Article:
• By Yann Tear at Wembley Stadium

Bees finally get taste of play-off honey as Wembley triumph ends 74-wait for top flight


Championship Play-Off Final

Brentford (2) 2 Toney pen 10, Marcondes 20

Swansea City (0) 0

Finally, gloriously, almost unbelievably, the Bees are there.

Back in the top flight of English football after the small matter of a 74-year absence.

Man City, Man United, Liverpool, Chelsea – all are on their way soon to the spanking new stadium by Kew Bridge which may be welcoming full houses for the first time before too long.

For many of the older Bees fans, it is a ‘pinch me’ moment that is frankly off the scale. Thomas Frankly.

But in the end, it all seemed ridiculously serene. Almost without drama. Two goals to the good with the game only 20 minutes old. The opposition down to 10 men after 65 minutes. Genuine scares kept to an acceptable minimum.

It wasn’t meant to be so straight-forward. Brentford weren’t meant to win because red and white striped teams always lose at Wembley, so the myth says.

Then again, after nine failures in nine previous play-off attempts, perhaps it was. The club had earned a day off from heart-breaks and gut-wrenching tension. David Raya had no incidents to fear a repeat of the calamitous moment in last year’s final when he was suckered by a long-range free-kick.

Frank, the debonair Dane masterminding this triumph could hardly have expected, after last year’s heartache, that he would be calmly strolling around his sun-kissed technical area, mostly enjoying the moment rather than fretting or needing to kick an ice box as he did in the semi-final.

We had only been playing 10 minutes when Ivan Toney settled the nerves by rolling in a perfect spot-kick, low to the right of keeper Freddie Woodman.

The on-loan keeper had given away the penalty after a panicked lunge at the feet of Bryan Mbeumo as the Frenchman raced to meet a through-ball from Sergi Canos.

Added to his 31 regular-season strikes and semi-final play-off pen against Bournemouth, that made it 33 for the season. Quite a warning that, for the Premier League’s defenders.

Ten minutes later and the game looked as good as over. A hacked clearance down the line started the perfect breakaway charge, with Mbeumo feeding Mads Roerslev to his left and the Dane’s check-back and rolled cross was gleefully swept in at the far post by Emiliano Marcondes.

Had it not been for an extra coat of paint on the Wembley crossbar, Toney would have added a third within moments of the second goal, sending a dipping shot from outside the area onto the underside of the woodwork and down onto the line.

Swansea had been chasing shadows from the off. A clumsy lunge in the opening moments by skipper Matt Grimes on Canos might easily have resulted in more than a yellow.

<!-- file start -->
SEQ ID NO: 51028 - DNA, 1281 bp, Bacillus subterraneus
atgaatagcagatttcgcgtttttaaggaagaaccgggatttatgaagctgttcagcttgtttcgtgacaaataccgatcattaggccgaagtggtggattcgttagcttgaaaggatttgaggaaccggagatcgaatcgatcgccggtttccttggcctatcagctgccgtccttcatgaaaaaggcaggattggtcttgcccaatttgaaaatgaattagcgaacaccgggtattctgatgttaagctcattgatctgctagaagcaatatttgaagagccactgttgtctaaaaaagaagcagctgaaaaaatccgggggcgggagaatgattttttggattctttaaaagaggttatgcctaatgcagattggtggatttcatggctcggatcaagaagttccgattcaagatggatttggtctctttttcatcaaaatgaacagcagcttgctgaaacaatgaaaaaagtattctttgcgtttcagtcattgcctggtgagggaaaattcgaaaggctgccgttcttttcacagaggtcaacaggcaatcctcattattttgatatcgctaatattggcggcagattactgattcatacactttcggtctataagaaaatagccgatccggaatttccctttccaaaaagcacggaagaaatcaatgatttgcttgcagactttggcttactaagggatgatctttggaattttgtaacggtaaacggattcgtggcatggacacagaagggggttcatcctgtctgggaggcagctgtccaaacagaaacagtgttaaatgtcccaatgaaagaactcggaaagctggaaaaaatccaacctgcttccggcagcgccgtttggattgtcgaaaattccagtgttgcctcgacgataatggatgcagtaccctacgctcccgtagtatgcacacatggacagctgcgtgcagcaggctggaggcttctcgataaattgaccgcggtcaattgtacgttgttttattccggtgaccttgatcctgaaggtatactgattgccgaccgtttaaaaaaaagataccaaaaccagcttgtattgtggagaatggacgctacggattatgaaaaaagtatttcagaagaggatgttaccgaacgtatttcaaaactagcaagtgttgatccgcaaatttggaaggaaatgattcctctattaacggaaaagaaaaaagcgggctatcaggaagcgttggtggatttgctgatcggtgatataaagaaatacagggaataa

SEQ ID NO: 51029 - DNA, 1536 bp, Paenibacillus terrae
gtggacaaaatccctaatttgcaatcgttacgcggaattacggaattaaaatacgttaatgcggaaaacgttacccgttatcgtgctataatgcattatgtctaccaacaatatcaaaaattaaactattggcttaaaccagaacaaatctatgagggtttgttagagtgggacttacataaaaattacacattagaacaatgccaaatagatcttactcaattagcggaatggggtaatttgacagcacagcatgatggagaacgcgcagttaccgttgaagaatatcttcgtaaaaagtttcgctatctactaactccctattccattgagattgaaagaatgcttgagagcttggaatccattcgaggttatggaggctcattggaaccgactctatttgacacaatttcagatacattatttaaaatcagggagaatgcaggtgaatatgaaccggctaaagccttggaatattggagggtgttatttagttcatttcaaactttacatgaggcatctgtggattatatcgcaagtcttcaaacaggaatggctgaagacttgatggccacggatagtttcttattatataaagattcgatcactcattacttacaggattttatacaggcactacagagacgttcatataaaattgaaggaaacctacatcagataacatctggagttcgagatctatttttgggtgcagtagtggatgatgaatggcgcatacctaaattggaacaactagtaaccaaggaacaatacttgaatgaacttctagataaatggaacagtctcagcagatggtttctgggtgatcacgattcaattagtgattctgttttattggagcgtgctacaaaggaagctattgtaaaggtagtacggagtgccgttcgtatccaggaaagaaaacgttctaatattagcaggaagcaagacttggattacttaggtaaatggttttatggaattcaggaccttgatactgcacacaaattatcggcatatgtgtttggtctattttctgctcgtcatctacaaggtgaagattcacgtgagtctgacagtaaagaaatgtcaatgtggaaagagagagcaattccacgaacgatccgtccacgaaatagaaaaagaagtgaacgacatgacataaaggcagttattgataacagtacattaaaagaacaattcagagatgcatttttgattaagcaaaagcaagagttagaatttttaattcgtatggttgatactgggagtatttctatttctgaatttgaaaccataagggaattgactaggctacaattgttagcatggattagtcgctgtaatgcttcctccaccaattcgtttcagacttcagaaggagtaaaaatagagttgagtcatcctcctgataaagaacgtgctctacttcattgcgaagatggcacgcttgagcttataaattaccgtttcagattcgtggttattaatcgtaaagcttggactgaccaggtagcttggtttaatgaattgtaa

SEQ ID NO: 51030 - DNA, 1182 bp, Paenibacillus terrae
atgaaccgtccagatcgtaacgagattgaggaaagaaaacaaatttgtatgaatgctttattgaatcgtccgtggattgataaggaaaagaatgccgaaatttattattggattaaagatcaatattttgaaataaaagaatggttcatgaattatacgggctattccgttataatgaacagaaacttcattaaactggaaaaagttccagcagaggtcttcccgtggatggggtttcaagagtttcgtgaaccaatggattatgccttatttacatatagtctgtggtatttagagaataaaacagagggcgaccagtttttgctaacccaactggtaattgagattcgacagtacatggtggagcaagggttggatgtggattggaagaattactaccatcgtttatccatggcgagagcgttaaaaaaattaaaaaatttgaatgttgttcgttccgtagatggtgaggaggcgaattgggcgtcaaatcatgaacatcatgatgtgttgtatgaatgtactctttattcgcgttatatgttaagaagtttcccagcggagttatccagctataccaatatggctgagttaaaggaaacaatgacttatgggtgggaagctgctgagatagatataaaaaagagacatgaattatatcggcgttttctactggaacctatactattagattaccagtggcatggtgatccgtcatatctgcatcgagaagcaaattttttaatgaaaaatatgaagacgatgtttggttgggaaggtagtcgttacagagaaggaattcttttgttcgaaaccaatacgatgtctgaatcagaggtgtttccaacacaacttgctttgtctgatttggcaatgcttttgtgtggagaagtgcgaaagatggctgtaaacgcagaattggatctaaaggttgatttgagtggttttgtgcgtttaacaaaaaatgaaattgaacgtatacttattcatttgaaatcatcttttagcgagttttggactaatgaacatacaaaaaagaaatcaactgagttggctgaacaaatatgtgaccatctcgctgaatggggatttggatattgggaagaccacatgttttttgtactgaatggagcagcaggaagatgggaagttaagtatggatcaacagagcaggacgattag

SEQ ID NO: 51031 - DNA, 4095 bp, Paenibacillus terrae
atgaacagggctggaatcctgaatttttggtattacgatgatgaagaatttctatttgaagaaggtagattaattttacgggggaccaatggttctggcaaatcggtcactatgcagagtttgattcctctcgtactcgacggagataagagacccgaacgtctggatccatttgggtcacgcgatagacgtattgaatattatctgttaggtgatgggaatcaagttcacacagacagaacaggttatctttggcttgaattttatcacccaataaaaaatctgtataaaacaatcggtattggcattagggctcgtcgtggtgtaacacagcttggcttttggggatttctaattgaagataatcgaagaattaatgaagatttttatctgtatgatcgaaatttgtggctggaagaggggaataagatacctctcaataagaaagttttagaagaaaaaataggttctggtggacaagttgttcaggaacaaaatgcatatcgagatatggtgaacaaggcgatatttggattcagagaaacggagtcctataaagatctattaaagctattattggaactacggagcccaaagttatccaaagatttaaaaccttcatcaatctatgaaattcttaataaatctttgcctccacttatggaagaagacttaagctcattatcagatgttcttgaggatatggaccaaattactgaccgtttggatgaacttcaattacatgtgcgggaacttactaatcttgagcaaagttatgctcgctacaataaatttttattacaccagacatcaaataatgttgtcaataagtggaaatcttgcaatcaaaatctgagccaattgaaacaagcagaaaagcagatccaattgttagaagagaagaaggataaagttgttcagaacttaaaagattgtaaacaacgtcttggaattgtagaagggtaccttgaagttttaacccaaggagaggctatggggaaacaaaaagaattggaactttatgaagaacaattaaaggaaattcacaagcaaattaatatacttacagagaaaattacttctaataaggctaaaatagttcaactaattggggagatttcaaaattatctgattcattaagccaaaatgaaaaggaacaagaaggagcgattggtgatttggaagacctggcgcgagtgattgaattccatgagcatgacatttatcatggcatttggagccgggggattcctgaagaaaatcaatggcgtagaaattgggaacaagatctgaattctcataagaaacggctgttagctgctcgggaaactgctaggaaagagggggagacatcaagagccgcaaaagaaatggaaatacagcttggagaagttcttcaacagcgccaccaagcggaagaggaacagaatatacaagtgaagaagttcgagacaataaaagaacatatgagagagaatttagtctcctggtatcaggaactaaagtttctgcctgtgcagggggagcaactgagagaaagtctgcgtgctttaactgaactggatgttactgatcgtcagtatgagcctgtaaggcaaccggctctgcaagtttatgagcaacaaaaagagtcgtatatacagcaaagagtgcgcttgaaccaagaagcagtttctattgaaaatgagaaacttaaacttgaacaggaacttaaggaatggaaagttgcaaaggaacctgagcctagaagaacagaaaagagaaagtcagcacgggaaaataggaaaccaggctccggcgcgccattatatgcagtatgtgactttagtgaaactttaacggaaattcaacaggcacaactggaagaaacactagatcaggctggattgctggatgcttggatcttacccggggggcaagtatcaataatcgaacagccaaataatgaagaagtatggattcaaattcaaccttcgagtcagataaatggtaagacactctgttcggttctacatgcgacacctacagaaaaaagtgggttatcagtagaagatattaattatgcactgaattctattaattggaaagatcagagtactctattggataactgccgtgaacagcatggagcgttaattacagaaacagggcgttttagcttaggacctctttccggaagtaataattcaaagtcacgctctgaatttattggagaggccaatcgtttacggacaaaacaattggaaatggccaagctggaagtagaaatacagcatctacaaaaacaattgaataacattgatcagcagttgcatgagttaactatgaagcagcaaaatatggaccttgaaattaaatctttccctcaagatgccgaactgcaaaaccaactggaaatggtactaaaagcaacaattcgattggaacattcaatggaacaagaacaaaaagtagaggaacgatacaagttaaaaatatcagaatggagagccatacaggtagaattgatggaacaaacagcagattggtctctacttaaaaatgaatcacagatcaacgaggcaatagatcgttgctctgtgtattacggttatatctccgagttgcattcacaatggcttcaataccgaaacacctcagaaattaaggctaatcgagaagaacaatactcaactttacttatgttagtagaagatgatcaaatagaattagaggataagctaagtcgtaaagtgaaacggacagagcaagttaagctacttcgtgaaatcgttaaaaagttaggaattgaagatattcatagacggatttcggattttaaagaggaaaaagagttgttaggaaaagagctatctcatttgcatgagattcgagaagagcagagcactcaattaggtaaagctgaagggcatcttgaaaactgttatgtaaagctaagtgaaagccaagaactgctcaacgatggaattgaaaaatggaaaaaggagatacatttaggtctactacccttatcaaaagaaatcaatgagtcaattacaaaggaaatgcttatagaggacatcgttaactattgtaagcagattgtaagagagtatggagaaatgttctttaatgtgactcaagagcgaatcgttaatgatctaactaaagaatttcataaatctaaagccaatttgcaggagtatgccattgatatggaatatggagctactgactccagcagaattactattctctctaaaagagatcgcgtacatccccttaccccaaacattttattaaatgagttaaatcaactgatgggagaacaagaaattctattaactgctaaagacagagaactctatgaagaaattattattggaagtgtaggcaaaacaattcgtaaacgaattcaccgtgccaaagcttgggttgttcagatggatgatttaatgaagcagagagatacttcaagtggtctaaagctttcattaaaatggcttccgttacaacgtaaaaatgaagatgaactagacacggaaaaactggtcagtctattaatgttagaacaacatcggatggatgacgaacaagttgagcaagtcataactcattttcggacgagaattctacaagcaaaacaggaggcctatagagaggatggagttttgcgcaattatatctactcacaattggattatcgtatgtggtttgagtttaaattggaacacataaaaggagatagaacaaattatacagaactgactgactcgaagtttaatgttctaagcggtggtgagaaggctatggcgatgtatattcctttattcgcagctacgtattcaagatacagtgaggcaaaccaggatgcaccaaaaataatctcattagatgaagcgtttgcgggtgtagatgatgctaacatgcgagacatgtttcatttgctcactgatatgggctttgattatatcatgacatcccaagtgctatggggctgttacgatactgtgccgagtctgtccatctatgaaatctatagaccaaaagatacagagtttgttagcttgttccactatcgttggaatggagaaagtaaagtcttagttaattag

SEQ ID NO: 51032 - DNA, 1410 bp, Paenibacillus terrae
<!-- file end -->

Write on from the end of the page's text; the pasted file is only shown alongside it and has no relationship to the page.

It was all such a far-cry from the chilly August night last season when Fulham finally snuffed out their promotion bid at this cavernous venue. This time they had 6,000 of their own fans in a crowd of 12,000 to witness one of the great moments in the club’s history.

After the interval, Andre Ayew came close to getting the Swans back into it with a diving header attempt that glanced wide. Jamal Lowe turned inside the box and fired wide. But none of it felt that perilous.

Mbeumo spooned over a Canos cross. Ethan Pinnock smashed a rising shot into the shoulder of his defensive partner Pontus Jansson. Toney almost crowned another marquee contribution with a goal but had a shot blocked on the six-yard line.

But by then, Swansea had shut the door even further on themselves by having Scottish defender Jay Fulton red-carded for a wild leap into the heel of Mathias Jensen with a quarter of the game still to go. It was not deliberate, but reckless and it summed up the Swans’ effort.

What a story this is. More than seven decades in the making via so many years in the lower leagues in front of a few thousand dedicated souls that it seemed likely, not so long ago, to be the default position forever at a downbeat corner of west London in a charming but crumbling Griffin Park.

Now we have the fruition of an incredible rise of a fringe club through the emotion-free number-crunching model which created a relentlessly successful conveyor-belt of dependable players.

The betting magnate fan who put his shirt on the team he supported, cashing in on the greatest gamble of his life. Matthew Benham has made the seemingly impossible come to pass. Statues have been commissioned for less. Fans chanted his name before the end.

And of course, there will be a lot of cashing in beyond the glory of making it to the top flight. There’s the small matter of the calculated windfall that comes with making it to the Premier League.

The figure inflates so rapidly that a match billed as the £160m game a few days ago had become £178m by the day of the match itself.

Whatever the final figure, it will not be that which fires the imagination of fans this summer. They will be daydreaming of the mouth-watering fixture list to come – of their heroes coming face-to-face with some of the most famous names in the football world, on a weekly basis.

The issue of what signings they may need, what ambitions they should realistically harbour for next season are things that can wait another day – at any rate, until after the party that is to come.

Bees: (3-4-1-2) David Raya – Dalsgaard, Jansson (Reid 79), Pinnock – Roerslev, Jensen, Janelt (Ghoddos 74), Canos (Forss 74) – Marcondes (Bidstrup 90) – Toney, Mbeumo. Subs not used: Daniels, Norgaard, Fosu, Stevens

Swans: (3-4-1-2) Woodman – Naughton (Cullen 61), Cabango, Guehi – Roberts, Fulton, Grimes, Bidwell (Manning 83) – Hourihane (Dhanda 63) - Ayew, Lowe. Subs not used: Hamer, Bennett, Smith, Whittaker, Latibeaudiere, Freeman